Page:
Chief Mkwawa – Life, Disposition of His Skull and More

Chief Mkwawa – Life, Disposition of His Skull and More

Chief Mkwavinyika Mwamuyinga Munyigumba (1855 – July 19, 1898), also known as Sultan Mkwawa or Chief Mkwawa, was a Hehe tribal chieftain in Germany’s East Africa who fought German colonialism in the Kalenga in Iringa region (today primarily the mainland section of Tanzania). Mkwawa originates from Mukwava, which is a shorter version of Mukwavinyika, which means “the conqueror of several countries.” He was given the moniker Ndesalasi as a youngster, which means “troublemaker.” In his adulthood, he was referred to as “a leader who controls the forests, and is aggressive to other men while polite to women, is unbeatable and unpredictable, and whose power is so great that he can only be taken away by death.”

Mkwawa was Sultan Munyigumba’s son. His birthplace was Luhota. His father passed away in 1879 and he became the tribe‘s “Chief” thereafter. (In reality, he was a Sultan or Muslim ruler.)

Emil von Zelewski, the German commissioner, commanded a battalion (320 askaris together with commanders and porters) to quell the Hehe in July 1891. On August 17, they were ambushed at Lugalo by Mkwawa’s 3,000-men army, which rapidly overwhelmed the German army and executed Zelewski despite only having spears and a few weapons.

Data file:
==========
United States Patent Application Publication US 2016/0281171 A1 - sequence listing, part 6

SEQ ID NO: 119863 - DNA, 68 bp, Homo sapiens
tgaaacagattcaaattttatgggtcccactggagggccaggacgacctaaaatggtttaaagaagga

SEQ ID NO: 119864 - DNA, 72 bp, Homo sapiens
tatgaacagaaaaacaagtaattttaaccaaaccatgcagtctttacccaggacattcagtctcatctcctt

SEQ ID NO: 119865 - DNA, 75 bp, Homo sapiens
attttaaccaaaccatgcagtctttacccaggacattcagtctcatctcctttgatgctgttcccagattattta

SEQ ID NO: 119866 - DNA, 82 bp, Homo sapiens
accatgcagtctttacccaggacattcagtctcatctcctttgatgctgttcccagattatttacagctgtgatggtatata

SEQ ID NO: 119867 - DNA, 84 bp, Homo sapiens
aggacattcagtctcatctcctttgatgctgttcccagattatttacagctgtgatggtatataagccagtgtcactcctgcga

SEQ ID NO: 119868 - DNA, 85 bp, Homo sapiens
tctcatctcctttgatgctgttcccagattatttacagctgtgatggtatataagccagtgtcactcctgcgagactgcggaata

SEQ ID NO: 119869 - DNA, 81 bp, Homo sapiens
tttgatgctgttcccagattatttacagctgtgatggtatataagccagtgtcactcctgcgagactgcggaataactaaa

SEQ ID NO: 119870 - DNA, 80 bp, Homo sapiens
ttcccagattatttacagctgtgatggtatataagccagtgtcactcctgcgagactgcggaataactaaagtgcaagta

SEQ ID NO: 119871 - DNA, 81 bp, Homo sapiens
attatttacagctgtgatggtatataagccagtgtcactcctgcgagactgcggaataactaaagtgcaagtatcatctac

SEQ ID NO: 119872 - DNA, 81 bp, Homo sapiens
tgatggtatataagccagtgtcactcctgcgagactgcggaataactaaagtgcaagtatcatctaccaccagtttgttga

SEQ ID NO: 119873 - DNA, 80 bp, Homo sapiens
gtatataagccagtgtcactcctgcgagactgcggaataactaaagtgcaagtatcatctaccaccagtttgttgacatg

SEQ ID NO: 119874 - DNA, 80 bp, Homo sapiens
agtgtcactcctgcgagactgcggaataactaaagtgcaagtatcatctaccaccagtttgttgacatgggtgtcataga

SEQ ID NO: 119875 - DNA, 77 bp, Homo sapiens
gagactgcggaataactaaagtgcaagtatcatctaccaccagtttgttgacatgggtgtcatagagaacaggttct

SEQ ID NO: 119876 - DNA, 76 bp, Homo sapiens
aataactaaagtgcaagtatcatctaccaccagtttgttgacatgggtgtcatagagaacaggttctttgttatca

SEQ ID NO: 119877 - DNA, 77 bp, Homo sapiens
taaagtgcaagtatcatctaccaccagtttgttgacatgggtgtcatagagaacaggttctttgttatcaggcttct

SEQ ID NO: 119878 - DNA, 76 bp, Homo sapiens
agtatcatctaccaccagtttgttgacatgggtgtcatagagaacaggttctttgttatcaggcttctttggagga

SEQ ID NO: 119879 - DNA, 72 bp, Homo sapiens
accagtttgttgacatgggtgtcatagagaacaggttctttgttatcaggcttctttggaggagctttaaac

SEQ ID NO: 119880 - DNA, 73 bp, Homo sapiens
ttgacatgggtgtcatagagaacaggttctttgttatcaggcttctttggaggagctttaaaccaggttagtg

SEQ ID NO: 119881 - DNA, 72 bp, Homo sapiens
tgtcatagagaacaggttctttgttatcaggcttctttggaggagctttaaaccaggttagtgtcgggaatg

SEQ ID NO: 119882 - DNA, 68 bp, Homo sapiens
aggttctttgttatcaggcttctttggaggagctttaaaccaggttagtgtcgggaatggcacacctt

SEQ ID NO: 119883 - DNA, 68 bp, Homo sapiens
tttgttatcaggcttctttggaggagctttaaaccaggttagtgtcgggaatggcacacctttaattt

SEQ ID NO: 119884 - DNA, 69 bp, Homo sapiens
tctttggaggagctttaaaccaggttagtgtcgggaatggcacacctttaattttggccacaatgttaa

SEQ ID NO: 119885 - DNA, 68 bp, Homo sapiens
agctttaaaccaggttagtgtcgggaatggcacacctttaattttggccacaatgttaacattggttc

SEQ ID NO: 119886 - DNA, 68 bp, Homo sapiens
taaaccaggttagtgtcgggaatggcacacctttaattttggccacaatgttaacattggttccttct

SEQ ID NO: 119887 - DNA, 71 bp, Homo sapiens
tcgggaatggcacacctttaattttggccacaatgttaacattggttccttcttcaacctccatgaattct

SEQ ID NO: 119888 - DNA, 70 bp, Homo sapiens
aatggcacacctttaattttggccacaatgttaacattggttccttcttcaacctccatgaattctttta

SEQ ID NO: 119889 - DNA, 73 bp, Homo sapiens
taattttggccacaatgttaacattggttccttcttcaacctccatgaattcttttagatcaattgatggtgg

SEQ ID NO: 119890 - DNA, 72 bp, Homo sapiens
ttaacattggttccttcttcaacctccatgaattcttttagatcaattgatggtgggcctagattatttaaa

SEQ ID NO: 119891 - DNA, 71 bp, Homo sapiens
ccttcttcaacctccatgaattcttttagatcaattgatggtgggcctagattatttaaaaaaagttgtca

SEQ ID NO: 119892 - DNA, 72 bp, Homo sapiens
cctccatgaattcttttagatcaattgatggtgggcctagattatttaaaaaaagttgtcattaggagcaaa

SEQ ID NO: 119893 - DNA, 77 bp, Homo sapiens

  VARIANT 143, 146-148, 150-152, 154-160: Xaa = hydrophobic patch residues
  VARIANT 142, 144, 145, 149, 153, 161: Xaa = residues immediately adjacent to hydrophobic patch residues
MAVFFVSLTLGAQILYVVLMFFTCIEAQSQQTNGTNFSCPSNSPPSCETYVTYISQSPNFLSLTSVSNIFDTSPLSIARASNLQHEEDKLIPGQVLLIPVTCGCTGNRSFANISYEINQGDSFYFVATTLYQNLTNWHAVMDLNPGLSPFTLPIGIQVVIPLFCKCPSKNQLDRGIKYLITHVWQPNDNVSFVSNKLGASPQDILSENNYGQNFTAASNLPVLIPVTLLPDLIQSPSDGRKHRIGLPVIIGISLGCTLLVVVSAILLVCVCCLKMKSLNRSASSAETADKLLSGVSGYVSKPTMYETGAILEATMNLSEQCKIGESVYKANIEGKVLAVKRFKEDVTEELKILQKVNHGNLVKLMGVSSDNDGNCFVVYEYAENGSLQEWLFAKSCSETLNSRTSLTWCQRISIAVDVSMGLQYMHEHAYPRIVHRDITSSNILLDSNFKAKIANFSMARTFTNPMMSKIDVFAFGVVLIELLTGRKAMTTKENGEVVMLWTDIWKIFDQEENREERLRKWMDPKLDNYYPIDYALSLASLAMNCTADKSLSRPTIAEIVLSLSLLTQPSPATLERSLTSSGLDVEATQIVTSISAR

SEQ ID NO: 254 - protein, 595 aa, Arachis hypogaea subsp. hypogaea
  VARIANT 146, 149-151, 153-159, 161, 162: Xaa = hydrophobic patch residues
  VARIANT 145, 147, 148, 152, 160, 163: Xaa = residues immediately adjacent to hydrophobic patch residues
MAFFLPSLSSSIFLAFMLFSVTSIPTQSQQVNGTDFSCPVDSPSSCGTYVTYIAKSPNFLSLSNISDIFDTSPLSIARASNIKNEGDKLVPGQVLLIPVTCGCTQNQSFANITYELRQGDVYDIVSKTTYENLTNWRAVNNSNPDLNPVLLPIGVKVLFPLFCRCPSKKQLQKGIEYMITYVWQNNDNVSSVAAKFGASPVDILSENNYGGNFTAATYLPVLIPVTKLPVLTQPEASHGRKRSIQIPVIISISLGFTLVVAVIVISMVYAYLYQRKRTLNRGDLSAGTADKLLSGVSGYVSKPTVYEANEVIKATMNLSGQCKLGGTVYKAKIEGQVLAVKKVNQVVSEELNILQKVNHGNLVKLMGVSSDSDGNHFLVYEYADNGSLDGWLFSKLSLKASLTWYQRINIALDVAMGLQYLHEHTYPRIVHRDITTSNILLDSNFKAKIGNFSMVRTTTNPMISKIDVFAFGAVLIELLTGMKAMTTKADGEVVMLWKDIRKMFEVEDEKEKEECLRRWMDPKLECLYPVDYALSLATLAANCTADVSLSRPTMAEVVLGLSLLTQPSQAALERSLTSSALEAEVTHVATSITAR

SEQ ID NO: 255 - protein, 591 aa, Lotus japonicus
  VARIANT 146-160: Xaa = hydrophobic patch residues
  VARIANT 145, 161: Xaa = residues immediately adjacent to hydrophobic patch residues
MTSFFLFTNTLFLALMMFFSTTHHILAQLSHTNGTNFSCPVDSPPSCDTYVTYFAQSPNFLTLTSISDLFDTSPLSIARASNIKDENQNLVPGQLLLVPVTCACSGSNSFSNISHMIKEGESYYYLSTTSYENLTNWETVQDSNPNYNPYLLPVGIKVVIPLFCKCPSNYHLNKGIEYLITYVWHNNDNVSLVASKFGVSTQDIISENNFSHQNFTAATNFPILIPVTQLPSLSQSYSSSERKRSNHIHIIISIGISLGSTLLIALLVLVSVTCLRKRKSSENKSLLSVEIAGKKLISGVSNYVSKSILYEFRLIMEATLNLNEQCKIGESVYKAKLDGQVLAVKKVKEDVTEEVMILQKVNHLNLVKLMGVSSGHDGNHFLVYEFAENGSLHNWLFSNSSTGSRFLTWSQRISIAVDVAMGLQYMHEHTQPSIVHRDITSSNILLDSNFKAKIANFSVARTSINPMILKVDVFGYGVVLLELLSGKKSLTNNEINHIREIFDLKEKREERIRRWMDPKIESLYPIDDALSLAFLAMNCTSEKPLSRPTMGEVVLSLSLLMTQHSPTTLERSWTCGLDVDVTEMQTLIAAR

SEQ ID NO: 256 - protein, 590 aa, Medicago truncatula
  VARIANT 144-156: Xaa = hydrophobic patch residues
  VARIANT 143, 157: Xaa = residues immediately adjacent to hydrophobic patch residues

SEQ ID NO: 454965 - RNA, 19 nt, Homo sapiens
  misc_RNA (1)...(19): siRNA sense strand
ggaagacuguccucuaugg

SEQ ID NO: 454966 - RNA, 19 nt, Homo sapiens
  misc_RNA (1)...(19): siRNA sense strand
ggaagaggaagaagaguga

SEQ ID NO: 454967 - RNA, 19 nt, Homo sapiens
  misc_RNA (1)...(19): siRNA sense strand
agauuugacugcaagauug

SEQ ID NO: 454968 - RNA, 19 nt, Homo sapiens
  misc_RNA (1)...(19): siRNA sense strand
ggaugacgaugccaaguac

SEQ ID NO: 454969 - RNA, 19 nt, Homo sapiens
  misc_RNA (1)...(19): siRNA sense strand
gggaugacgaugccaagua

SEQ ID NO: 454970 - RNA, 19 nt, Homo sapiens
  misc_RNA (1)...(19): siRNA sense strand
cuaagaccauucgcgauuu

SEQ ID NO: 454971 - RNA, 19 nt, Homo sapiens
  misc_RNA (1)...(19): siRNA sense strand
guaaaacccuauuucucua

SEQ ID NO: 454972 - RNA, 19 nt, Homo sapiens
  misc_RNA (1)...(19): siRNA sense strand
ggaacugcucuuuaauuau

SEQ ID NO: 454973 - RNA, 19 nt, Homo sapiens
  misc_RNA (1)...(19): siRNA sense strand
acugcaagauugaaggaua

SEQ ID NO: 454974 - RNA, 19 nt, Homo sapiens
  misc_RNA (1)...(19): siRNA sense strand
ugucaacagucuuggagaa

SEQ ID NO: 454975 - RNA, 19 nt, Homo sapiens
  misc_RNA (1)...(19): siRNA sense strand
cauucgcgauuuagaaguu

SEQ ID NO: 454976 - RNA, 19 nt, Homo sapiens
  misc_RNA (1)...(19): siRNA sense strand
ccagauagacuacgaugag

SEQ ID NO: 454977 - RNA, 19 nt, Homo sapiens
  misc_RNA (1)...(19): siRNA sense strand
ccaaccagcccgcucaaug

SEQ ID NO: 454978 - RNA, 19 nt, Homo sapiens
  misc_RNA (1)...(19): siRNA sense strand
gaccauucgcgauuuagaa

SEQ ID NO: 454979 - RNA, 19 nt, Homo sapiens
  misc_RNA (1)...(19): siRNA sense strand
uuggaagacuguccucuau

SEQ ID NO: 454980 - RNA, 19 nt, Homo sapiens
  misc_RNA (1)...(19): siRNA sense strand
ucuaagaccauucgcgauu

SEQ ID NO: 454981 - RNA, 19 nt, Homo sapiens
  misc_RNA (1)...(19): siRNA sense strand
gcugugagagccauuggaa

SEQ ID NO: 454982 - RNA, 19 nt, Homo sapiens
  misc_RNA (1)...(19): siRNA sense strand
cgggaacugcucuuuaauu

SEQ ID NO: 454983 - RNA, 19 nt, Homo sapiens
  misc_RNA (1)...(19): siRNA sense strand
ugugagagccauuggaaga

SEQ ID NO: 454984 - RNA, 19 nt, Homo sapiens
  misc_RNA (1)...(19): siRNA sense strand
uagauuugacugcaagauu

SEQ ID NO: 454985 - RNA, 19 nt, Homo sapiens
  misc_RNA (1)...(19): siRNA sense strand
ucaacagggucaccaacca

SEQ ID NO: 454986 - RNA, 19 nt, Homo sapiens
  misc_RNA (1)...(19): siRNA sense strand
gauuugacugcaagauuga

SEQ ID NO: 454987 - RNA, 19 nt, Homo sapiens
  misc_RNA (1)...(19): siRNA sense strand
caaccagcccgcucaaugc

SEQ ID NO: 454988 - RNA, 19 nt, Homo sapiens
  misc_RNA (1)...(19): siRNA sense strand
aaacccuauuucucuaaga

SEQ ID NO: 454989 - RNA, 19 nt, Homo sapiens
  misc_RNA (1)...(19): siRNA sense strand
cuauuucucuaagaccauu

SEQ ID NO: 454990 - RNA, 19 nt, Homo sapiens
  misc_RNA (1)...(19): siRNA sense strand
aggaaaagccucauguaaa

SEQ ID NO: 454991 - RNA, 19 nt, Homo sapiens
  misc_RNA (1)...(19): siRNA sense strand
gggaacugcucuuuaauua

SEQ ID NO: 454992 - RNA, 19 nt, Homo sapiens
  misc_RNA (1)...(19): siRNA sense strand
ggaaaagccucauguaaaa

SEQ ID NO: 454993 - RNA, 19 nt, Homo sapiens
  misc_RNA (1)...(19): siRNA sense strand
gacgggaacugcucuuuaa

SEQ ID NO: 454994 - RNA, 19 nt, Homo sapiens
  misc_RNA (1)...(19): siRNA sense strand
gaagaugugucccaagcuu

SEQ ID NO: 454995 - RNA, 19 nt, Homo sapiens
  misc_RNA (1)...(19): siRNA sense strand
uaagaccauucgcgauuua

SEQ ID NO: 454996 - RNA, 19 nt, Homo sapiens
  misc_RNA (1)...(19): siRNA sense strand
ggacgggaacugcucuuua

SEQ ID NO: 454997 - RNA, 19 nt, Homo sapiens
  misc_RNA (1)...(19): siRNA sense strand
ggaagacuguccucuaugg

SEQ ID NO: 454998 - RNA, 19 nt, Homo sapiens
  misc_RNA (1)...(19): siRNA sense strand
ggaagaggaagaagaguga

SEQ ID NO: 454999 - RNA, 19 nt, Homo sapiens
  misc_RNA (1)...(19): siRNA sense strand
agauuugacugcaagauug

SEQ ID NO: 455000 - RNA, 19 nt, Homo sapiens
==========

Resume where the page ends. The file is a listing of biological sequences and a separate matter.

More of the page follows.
Sir Edward bringing back the Mkwawa skull
Sir Edward bringing back the Mkwawa skull

The Germans invaded Mkwawa’s fort at Kalenga on October 28 of 1894, under the command of Colonel Friedrich Freiherr von Schele, the new commander. Despite the fact that they conquered the fort, Mkwawa somehow managed to flee. Following that, Mkwawa waged guerilla warfare against the Germans till he was cornered on 19th July of 1898, and shot himself to escape capture. Mkwawa committed suicide near the Mlambalasi Rock Shelter. Mkwawa is thought to have utilized the Mlambalasi Rock Shelter as a hideaway in the past.  Mkwawa was buried close to the rock shelter.

Mkwawa’s head was taken by German forces after he died. His skull was taken to Berlin and was most likely housed at Bremen’s Übersee-Museum. Horace Byatt, the British Administrator of German East Africa at the time, requested to his government in 1918 that the skull be returned to Tanganyika as a prize for the Wahehe’s collaboration with the British throughout the war and as a sign assuring the natives of the end of German control. The repatriation of the skull was spelled down in the Treaty of Versailles of 1919:

ARTICLE 246. In less than six months of the Treaty’s entry into effect, Germany will send His Britannic Majesty’s Government Sultan Mkwawa’s skull, which was taken from the Protectorate of German East Africa and brought to Germany.

The transfer of the supposed skull from East Africa was challenged by the Germans, and the British authorities claimed that its location could not be determined.

After WWII, however, Sir Edward Twining, Tanganyika’s governor, resurrected the subject. He was guided to the Bremen Museum after making inquiries, where he visited in 1953. The Museum featured a collection of 2000 skulls, 84 of which came from Germany’s erstwhile East Africa. He narrowed down the candidates to those with measurements that matched those of Chief Mkwawa’s surviving family; from this group, he chose the lone skull with a bullet hole as Chief Mkwawa’s skull.

On July 9, 1954, the skull was ultimately returned, and it currently rests in the Mkwawa Memorial Museum at Kalenga, near Iringa.

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